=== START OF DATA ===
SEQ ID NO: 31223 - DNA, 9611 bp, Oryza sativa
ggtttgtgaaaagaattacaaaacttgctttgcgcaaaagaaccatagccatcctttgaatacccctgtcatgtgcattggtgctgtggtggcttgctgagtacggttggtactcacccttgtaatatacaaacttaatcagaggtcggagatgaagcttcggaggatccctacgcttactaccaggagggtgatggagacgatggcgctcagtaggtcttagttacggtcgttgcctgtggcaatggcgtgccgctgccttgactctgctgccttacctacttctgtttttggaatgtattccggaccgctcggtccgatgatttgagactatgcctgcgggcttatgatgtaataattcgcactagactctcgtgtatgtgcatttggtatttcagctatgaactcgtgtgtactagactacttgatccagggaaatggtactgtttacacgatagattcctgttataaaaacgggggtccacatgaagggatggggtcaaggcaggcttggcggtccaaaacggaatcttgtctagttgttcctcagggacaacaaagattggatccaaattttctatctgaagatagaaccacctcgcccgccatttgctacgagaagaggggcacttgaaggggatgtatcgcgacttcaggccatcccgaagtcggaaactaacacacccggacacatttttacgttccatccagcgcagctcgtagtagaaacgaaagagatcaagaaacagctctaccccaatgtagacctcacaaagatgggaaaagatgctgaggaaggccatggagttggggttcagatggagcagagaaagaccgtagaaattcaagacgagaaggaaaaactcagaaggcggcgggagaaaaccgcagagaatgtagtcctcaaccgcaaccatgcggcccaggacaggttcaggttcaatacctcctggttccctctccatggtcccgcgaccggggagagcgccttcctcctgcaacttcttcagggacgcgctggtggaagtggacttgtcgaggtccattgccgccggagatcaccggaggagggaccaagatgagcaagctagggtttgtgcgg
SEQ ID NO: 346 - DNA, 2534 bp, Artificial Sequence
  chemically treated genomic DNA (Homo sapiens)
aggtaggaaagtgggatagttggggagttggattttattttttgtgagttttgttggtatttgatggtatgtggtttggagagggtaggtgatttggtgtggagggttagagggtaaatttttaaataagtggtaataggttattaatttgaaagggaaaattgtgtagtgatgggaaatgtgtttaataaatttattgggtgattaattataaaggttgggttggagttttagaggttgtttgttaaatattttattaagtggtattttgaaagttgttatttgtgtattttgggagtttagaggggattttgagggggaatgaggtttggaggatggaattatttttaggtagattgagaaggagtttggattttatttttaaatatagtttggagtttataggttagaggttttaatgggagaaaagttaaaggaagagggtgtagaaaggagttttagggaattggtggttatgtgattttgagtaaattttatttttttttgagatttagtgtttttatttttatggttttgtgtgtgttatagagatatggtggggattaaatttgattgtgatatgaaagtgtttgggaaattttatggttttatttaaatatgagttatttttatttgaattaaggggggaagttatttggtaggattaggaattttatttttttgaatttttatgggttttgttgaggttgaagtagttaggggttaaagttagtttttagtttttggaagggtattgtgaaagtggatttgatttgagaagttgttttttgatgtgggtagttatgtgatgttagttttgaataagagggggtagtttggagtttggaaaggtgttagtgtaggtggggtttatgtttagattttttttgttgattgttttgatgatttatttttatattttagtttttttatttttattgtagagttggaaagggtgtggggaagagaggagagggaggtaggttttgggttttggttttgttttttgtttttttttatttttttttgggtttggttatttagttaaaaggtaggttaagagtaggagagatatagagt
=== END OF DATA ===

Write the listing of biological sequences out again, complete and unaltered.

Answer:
SEQ ID NO: 31223 - DNA, 9611 bp, Oryza sativa
ggtttgtgaaaagaattacaaaacttgctttgcgcaaaagaaccatagccatcctttgaatacccctgtcatgtgcattggtgctgtggtggcttgctgagtacggttggtactcacccttgtaatatacaaacttaatcagaggtcggagatgaagcttcggaggatccctacgcttactaccaggagggtgatggagacgatggcgctcagtaggtcttagttacggtcgttgcctgtggcaatggcgtgccgctgccttgactctgctgccttacctacttctgtttttggaatgtattccggaccgctcggtccgatgatttgagactatgcctgcgggcttatgatgtaataattcgcactagactctcgtgtatgtgcatttggtatttcagctatgaactcgtgtgtactagactacttgatccagggaaatggtactgtttacacgatagattcctgttataaaaacgggggtccacatgaagggatggggtcaaggcaggcttggcggtccaaaacggaatcttgtctagttgttcctcagggacaacaaagattggatccaaattttctatctgaagatagaaccacctcgcccgccatttgctacgagaagaggggcacttgaaggggatgtatcgcgacttcaggccatcccgaagtcggaaactaacacacccggacacatttttacgttccatccagcgcagctcgtagtagaaacgaaagagatcaagaaacagctctaccccaatgtagacctcacaaagatgggaaaagatgctgaggaaggccatggagttggggttcagatggagcagagaaagaccgtagaaattcaagacgagaaggaaaaactcagaaggcggcgggagaaaaccgcagagaatgtagtcctcaaccgcaaccatgcggcccaggacaggttcaggttcaatacctcctggttccctctccatggtcccgcgaccggggagagcgccttcctcctgcaacttcttcagggacgcgctggtggaagtggacttgtcgaggtccattgccgccggagatcaccggaggagggaccaagatgagcaagctagggtttgtgcgg
SEQ ID NO: 346 - DNA, 2534 bp, Artificial Sequence
  chemically treated genomic DNA (Homo sapiens)
aggtaggaaagtgggatagttggggagttggattttattttttgtgagttttgttggtatttgatggtatgtggtttggagagggtaggtgatttggtgtggagggttagagggtaaatttttaaataagtggtaataggttattaatttgaaagggaaaattgtgtagtgatgggaaatgtgtttaataaatttattgggtgattaattataaaggttgggttggagttttagaggttgtttgttaaatattttattaagtggtattttgaaagttgttatttgtgtattttgggagtttagaggggattttgagggggaatgaggtttggaggatggaattatttttaggtagattgagaaggagtttggattttatttttaaatatagtttggagtttataggttagaggttttaatgggagaaaagttaaaggaagagggtgtagaaaggagttttagggaattggtggttatgtgattttgagtaaattttatttttttttgagatttagtgtttttatttttatggttttgtgtgtgttatagagatatggtggggattaaatttgattgtgatatgaaagtgtttgggaaattttatggttttatttaaatatgagttatttttatttgaattaaggggggaagttatttggtaggattaggaattttatttttttgaatttttatgggttttgttgaggttgaagtagttaggggttaaagttagtttttagtttttggaagggtattgtgaaagtggatttgatttgagaagttgttttttgatgtgggtagttatgtgatgttagttttgaataagagggggtagtttggagtttggaaaggtgttagtgtaggtggggtttatgtttagattttttttgttgattgttttgatgatttatttttatattttagtttttttatttttattgtagagttggaaagggtgtggggaagagaggagagggaggtaggttttgggttttggttttgttttttgtttttttttatttttttttgggtttggttatttagttaaaaggtaggttaagagtaggagagatatagagt